Methods: From December 2017 to August 2018, this descriptive community-based investigation was conducted. Six hundred and sixty-six (666) people were randomly selected to participate in this study. With each participant's there was verbal consent. A questionnaire was designed to collect personal details. 5 mL of venous blood was gathered in EDTA containers. The Hb D variant was checked using Sebia Minicap Automated Capillary Electrophoresis System- USA and frequency was calculated using version 21.0 of the software package for social science (SPSS).

Result: The prevalence of Hb variants was as follows: AD=0.6%, SS=2%, AS=10.5 %, and AA=86.9%.

Conclusion: The prevalence of Hb D variant was 4 (0.6 %) in 666 participants from four western Sudanese tribes, beside reported of Hb SS and Hb AS.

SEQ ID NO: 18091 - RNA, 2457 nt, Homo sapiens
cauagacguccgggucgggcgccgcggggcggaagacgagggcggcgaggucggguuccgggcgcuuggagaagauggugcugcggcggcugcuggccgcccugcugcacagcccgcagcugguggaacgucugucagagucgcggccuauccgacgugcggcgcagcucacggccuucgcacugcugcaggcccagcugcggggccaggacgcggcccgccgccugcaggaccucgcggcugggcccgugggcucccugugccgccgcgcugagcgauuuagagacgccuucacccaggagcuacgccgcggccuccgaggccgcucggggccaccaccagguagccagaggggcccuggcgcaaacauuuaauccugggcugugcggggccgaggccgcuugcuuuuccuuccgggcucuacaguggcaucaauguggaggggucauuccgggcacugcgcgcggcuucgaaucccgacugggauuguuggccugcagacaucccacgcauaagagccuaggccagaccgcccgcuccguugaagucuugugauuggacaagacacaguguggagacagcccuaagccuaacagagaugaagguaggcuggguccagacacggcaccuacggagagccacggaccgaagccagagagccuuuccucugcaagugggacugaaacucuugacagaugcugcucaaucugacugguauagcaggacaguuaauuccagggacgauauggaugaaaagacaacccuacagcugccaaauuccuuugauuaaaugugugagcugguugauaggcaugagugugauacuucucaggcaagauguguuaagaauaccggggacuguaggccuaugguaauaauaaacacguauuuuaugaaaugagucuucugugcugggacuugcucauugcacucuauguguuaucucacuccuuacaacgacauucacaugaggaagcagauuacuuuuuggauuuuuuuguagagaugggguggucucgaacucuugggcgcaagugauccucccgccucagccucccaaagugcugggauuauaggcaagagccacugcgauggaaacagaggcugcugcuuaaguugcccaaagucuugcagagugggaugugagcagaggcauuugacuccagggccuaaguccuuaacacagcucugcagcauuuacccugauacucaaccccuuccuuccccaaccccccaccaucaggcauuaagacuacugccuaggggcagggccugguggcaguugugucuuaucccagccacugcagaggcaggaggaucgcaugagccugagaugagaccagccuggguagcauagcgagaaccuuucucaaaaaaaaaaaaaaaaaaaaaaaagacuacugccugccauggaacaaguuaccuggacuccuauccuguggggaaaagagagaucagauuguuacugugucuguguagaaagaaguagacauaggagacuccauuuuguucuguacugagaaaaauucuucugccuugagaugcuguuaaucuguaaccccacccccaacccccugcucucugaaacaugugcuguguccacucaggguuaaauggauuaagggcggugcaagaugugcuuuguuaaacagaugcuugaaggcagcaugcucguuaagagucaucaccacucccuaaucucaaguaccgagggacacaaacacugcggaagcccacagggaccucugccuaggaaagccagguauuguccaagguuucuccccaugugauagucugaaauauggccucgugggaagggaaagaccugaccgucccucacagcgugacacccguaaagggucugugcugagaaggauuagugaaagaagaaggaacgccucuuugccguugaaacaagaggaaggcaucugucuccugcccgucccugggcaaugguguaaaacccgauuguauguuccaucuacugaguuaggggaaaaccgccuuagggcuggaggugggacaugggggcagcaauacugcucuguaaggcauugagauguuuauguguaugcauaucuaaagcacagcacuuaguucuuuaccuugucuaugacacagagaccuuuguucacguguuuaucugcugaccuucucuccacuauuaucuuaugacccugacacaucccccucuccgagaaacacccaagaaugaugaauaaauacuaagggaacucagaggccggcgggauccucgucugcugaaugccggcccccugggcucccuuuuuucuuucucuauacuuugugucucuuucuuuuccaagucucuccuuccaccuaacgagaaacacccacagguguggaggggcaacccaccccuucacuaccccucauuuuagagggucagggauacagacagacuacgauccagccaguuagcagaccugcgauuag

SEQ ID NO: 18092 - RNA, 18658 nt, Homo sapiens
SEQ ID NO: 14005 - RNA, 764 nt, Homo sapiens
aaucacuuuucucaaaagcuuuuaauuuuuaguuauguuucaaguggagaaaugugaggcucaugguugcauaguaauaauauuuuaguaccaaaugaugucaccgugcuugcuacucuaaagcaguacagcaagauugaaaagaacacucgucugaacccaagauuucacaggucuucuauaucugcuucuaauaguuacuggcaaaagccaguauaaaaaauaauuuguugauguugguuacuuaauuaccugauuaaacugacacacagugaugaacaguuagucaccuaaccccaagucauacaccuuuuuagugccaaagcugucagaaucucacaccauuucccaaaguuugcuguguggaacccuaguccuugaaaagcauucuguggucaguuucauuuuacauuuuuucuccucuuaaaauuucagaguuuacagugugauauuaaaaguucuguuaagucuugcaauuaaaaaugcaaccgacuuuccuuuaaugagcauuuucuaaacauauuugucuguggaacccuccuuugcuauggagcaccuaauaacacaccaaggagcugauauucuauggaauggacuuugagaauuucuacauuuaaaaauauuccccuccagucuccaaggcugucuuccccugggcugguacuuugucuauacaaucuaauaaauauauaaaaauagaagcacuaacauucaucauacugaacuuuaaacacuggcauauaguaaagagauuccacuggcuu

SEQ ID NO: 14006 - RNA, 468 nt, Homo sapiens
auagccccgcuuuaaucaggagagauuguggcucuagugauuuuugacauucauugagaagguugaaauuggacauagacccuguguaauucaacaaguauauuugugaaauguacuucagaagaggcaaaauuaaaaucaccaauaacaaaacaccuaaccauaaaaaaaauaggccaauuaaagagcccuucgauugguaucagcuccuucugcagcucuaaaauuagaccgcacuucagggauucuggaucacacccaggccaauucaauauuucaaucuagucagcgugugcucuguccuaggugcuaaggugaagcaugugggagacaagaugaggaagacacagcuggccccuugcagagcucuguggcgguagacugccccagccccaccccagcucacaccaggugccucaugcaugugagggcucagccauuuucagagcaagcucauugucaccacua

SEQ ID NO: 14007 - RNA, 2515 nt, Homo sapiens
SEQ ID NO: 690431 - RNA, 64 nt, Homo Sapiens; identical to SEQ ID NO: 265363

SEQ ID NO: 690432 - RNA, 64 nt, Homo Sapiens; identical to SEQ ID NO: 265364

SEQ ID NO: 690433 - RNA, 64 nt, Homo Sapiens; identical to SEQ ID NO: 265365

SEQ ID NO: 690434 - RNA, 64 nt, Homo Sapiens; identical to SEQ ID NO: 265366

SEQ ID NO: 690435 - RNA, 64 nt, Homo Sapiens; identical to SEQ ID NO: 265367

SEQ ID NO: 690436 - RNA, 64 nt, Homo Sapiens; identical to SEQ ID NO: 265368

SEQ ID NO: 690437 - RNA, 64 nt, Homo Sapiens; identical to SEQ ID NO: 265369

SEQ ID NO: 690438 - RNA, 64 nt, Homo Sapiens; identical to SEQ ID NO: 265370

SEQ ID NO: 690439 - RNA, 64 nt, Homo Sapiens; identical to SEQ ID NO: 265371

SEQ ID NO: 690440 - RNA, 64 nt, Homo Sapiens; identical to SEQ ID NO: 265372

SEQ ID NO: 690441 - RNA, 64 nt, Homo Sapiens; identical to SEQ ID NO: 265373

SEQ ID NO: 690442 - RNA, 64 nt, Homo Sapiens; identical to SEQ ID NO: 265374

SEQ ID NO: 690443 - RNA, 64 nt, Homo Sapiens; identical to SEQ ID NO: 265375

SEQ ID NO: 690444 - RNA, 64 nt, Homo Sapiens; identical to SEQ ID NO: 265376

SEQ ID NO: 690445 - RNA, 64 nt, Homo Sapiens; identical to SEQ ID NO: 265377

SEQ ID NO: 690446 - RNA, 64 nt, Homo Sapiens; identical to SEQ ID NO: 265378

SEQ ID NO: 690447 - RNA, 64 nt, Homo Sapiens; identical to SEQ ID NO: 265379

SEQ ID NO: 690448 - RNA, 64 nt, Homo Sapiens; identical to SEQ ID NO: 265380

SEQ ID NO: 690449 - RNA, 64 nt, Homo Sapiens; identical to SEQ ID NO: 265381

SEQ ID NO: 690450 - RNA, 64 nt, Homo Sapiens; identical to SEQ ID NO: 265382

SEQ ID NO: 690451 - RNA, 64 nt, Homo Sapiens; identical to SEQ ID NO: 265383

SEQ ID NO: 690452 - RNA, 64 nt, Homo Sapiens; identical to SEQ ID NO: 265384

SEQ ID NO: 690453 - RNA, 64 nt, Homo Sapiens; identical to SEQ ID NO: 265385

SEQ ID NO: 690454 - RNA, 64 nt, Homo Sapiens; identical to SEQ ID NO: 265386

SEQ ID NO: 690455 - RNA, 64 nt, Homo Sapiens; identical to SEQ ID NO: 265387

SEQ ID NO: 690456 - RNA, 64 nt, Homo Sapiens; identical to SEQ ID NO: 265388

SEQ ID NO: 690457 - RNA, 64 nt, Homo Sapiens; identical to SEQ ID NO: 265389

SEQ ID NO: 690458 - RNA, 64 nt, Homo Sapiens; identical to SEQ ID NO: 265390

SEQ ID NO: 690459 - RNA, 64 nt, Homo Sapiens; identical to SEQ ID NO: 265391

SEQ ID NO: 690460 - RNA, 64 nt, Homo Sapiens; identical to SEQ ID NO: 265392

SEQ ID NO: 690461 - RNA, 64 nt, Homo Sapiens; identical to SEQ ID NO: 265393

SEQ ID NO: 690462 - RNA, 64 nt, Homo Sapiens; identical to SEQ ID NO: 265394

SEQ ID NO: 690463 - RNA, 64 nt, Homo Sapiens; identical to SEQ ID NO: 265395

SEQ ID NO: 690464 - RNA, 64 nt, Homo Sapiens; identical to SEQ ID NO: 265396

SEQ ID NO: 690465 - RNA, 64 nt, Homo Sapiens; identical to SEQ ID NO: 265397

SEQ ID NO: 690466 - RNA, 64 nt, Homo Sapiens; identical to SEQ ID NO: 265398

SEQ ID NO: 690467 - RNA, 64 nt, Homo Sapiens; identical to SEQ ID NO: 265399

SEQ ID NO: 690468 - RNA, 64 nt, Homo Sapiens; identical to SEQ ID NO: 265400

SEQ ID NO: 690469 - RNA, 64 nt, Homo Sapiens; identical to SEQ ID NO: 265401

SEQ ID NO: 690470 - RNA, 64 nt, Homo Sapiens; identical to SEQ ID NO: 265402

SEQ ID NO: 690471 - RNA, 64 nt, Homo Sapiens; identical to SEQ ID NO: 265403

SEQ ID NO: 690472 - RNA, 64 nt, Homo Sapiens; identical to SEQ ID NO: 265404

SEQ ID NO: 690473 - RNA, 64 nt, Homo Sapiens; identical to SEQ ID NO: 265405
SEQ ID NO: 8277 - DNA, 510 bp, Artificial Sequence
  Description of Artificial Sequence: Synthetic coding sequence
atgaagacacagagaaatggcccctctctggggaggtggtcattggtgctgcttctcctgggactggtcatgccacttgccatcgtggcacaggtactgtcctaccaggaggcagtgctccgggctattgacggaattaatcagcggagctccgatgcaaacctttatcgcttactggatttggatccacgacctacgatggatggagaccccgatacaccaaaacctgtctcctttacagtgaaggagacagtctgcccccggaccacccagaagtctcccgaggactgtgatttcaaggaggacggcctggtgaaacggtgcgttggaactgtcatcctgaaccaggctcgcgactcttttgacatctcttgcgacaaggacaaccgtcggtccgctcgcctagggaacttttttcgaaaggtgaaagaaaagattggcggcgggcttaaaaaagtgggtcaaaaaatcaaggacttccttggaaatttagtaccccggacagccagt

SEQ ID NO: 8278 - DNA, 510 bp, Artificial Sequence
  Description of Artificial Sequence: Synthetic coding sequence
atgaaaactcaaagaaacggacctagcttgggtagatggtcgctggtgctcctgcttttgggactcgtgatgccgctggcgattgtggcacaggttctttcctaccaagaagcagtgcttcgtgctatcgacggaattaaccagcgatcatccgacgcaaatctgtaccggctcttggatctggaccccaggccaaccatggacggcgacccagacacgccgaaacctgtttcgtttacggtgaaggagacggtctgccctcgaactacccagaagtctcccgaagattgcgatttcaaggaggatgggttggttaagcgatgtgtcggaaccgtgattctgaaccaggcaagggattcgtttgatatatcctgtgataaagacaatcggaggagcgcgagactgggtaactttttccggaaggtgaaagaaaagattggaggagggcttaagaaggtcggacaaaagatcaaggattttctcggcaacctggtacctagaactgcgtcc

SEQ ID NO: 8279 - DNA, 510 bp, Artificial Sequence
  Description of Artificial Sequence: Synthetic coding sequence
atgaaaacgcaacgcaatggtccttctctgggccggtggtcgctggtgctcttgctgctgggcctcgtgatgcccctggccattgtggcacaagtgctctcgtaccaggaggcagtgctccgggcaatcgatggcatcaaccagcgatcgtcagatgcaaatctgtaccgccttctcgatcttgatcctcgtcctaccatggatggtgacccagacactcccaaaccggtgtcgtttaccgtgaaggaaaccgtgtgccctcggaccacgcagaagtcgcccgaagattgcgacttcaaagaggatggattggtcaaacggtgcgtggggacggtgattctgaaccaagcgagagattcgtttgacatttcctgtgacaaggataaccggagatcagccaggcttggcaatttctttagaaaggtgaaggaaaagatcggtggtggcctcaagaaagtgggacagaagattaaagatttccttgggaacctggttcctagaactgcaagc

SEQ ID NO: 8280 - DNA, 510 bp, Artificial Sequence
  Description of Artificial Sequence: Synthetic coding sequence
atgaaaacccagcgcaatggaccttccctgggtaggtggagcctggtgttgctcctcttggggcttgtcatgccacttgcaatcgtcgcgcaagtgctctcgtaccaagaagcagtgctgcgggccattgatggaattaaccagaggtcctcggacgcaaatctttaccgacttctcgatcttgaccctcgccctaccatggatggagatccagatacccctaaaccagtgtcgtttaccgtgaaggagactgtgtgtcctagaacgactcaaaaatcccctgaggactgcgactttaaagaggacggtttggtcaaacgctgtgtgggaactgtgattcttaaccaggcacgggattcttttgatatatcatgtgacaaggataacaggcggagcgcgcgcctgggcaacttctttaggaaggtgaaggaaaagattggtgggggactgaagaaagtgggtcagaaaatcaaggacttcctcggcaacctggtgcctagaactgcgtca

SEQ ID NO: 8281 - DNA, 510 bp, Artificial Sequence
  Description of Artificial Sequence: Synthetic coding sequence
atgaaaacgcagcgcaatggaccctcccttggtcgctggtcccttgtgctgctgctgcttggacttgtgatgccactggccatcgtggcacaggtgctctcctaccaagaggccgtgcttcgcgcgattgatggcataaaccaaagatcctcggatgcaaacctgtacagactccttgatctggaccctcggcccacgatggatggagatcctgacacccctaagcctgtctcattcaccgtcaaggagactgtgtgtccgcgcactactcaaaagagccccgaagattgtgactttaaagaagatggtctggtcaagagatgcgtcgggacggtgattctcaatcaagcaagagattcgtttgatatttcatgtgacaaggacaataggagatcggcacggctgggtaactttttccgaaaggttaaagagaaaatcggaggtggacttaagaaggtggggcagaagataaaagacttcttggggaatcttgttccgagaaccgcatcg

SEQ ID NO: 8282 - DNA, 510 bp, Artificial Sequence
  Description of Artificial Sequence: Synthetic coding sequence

Keywords: Hb variants, HbD, north Darfur, Sudan

Abbreviations

NN, normal Hb; AS, heterozygote of hemoglobin S; SS, homozygote of hemoglobin S; DD, homozygote of hemoglobin D; AD, heterozygote of hemoglobin D

Introduction

Hemoglobin (Hb) is a tetrameric protein made up of two alpha (α) and two beta (ß) globin chains with heme as a prosthetic group. Its principal function is to carry oxygen to the tissues and return CO2 to the lungs. Adult hemoglobin (Hb A) is the most common type, with two α and two β chains. The most common type of hemoglobin found at birth is fetal hemoglobin (Hb F), which is made up of two α and two γ chains.1